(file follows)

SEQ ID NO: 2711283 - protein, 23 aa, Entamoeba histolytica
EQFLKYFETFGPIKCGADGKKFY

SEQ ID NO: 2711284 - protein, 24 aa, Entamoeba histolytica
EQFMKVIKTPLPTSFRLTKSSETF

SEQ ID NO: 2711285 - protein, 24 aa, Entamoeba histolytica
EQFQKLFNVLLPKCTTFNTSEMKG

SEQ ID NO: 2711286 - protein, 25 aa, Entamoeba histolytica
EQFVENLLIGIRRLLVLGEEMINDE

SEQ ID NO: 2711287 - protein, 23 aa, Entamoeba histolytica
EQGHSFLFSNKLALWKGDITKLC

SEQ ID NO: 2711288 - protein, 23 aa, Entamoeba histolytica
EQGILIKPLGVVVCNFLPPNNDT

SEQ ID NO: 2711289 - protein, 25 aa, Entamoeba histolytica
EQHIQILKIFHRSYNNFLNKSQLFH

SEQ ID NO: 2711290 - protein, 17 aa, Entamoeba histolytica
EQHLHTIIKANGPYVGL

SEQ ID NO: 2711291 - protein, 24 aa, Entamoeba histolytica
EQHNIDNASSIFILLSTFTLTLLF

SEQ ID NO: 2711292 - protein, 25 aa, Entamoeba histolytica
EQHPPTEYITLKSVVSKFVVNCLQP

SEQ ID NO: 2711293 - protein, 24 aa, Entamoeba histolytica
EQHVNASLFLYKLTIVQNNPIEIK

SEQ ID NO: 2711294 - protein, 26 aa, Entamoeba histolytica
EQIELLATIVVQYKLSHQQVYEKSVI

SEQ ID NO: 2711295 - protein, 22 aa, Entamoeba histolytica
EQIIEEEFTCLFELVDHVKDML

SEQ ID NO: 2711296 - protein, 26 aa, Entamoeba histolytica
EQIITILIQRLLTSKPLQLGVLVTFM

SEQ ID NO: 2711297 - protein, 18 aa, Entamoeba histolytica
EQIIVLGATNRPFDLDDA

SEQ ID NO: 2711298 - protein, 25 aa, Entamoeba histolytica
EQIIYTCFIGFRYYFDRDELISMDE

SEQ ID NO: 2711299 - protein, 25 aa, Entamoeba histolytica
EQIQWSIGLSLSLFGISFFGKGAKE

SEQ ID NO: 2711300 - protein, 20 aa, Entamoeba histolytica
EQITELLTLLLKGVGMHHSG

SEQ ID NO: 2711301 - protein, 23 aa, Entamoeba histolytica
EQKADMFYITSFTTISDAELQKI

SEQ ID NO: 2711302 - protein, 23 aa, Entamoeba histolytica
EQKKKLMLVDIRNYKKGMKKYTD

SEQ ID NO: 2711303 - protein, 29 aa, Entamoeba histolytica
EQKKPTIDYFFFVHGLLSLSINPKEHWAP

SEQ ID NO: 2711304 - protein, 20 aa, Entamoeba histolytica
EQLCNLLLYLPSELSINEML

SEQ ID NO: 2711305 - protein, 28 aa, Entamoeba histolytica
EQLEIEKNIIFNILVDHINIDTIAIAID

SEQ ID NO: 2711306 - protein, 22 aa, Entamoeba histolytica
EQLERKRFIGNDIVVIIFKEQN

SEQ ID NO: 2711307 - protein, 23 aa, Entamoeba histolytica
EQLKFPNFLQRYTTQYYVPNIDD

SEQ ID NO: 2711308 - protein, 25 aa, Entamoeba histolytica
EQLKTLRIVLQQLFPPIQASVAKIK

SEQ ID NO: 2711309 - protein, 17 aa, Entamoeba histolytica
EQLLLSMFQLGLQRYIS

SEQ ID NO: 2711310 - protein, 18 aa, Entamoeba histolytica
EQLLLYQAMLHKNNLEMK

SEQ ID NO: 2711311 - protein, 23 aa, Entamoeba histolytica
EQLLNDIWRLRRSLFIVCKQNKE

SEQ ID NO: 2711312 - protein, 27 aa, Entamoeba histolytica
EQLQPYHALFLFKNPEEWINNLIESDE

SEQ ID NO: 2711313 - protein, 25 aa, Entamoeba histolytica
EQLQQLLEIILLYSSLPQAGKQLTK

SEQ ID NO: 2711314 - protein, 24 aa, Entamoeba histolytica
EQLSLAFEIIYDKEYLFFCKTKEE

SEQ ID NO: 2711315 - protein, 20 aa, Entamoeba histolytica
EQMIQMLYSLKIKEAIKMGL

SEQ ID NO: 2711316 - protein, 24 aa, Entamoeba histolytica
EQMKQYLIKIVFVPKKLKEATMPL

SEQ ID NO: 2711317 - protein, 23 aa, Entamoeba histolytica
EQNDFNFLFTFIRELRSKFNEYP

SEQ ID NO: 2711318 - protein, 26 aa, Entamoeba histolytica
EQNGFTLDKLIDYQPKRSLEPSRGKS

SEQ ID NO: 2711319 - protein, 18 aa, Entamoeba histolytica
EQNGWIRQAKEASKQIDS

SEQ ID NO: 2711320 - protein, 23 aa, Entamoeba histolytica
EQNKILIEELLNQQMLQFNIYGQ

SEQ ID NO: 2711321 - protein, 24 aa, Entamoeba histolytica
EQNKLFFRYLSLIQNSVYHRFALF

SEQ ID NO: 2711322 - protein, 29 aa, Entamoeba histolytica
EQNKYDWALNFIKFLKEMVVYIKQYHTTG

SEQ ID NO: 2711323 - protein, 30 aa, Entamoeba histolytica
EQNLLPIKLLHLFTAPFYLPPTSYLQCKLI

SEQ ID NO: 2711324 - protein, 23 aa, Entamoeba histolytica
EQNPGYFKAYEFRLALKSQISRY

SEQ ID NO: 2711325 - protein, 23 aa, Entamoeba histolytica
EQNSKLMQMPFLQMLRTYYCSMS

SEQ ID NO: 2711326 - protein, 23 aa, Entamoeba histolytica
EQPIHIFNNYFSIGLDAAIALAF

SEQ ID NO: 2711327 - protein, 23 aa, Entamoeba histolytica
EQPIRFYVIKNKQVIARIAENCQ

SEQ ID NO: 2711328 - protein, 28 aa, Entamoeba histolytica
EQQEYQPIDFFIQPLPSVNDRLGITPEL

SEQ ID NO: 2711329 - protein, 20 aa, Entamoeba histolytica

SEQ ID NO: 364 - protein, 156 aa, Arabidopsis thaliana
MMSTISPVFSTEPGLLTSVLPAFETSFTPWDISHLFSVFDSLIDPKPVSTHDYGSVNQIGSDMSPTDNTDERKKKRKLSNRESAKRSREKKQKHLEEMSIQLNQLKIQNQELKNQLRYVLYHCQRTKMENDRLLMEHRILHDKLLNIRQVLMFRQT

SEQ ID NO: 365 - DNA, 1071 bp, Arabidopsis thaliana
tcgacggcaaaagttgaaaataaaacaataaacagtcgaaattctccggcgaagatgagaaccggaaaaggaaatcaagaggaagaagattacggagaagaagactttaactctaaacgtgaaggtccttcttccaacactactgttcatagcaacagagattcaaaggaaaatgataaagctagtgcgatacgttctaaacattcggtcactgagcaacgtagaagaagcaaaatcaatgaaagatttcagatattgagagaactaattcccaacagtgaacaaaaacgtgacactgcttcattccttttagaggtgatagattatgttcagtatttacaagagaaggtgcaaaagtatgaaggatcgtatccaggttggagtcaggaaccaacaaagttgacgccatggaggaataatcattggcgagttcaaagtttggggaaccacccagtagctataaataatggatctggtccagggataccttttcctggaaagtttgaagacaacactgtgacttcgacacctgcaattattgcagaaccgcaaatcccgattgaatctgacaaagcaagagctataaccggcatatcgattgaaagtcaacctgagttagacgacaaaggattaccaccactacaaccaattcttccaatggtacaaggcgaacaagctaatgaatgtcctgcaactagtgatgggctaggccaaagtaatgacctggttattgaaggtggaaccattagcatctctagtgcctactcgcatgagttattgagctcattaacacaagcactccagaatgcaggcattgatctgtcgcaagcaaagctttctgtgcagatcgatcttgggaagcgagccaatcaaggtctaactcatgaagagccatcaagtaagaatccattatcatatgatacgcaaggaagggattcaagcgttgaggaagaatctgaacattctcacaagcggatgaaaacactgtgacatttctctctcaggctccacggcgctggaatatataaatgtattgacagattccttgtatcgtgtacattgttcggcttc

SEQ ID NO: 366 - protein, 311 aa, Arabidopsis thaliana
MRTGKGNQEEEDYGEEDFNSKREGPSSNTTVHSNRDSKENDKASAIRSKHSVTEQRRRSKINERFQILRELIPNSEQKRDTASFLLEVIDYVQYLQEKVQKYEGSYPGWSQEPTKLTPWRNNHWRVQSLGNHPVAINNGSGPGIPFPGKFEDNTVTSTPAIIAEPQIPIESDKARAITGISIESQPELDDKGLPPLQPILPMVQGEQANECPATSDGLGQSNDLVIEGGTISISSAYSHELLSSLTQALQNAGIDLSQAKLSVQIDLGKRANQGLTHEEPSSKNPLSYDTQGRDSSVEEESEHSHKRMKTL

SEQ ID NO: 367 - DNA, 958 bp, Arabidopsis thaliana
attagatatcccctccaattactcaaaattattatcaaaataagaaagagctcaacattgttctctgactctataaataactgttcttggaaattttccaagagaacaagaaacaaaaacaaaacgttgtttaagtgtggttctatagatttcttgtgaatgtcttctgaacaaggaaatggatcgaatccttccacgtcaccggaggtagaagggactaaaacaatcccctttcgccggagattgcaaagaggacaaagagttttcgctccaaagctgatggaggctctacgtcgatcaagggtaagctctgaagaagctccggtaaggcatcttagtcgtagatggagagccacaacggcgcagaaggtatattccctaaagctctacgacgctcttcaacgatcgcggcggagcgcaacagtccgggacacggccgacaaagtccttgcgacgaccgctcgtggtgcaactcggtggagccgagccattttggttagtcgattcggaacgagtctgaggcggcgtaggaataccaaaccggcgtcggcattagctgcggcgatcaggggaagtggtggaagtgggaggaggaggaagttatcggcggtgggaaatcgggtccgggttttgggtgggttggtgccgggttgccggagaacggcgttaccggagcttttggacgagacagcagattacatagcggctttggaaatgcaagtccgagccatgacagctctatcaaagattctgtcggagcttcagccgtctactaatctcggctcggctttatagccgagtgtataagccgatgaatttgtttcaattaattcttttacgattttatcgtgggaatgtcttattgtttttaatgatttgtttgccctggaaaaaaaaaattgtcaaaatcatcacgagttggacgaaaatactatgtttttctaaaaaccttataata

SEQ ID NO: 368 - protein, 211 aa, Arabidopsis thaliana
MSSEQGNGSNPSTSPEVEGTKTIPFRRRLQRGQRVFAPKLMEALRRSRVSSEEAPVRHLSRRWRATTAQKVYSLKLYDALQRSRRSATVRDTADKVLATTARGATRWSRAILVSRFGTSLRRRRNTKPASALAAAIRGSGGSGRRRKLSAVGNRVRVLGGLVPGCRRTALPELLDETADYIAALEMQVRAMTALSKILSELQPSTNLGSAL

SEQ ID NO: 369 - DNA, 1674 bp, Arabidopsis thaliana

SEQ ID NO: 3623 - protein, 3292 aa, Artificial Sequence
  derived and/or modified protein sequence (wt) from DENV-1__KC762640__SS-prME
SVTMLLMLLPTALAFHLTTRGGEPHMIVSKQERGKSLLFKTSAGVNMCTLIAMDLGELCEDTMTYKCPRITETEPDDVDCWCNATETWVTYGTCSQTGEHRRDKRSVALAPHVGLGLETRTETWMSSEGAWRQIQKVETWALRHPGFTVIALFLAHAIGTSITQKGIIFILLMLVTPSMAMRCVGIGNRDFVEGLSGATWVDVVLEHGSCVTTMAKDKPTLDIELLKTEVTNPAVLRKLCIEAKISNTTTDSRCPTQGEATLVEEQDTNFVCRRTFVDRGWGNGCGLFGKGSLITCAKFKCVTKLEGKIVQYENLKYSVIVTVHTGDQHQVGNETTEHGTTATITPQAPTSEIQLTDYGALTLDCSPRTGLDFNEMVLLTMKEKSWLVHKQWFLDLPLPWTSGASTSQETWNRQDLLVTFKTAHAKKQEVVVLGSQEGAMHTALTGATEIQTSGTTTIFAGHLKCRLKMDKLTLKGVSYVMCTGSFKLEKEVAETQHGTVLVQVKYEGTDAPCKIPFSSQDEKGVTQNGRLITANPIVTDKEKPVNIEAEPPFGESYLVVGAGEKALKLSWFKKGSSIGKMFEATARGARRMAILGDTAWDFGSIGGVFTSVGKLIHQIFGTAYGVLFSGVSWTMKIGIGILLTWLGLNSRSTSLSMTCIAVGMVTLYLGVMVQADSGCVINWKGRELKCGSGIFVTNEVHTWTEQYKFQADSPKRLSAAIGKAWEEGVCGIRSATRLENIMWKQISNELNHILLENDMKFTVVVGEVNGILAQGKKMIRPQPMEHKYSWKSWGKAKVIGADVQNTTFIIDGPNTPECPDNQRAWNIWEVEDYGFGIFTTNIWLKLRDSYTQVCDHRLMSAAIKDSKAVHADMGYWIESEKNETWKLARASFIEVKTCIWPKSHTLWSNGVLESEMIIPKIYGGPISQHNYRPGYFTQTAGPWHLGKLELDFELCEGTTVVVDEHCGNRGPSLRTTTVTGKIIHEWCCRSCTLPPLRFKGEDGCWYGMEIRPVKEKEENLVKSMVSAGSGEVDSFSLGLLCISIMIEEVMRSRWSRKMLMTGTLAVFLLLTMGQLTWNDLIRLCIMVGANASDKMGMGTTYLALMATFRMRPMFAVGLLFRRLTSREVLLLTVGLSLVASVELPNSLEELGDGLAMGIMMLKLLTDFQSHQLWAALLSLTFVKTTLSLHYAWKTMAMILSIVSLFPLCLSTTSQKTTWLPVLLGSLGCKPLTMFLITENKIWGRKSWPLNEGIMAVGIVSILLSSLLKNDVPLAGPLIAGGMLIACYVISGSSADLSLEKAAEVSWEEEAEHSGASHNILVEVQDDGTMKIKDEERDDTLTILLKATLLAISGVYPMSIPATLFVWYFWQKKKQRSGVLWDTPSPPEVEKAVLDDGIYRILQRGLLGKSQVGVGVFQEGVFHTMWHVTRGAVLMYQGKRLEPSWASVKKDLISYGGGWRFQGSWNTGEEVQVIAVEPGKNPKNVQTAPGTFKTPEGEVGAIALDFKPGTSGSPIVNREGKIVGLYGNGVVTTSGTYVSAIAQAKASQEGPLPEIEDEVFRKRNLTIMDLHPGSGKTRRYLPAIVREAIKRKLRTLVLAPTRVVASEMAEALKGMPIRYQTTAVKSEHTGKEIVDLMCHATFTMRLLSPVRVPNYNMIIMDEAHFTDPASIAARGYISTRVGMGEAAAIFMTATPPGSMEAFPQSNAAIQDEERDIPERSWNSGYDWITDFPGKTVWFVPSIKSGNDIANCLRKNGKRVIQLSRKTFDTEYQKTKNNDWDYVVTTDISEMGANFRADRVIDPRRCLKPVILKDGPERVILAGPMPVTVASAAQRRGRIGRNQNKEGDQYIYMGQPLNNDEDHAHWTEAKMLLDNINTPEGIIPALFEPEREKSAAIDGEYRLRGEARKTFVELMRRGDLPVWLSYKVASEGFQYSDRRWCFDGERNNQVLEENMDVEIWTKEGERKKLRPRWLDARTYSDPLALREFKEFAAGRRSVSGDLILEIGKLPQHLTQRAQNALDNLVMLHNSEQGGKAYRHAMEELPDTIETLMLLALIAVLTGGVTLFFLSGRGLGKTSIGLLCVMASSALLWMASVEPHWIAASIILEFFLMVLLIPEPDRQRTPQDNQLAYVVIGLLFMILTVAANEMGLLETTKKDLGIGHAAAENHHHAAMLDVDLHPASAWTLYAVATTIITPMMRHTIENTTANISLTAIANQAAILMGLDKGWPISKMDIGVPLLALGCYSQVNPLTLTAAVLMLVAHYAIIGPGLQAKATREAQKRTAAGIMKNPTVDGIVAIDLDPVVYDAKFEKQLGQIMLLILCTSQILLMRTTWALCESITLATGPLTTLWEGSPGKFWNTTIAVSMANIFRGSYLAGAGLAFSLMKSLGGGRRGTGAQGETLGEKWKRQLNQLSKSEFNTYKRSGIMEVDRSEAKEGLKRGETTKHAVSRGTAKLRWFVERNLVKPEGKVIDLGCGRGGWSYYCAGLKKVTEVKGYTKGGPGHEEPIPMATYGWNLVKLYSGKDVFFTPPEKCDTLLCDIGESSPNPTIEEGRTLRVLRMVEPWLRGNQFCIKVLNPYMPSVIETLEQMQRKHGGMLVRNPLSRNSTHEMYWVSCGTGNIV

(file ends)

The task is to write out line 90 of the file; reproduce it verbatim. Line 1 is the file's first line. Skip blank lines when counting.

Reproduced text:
EQPIRFYVIKNKQVIARIAENCQ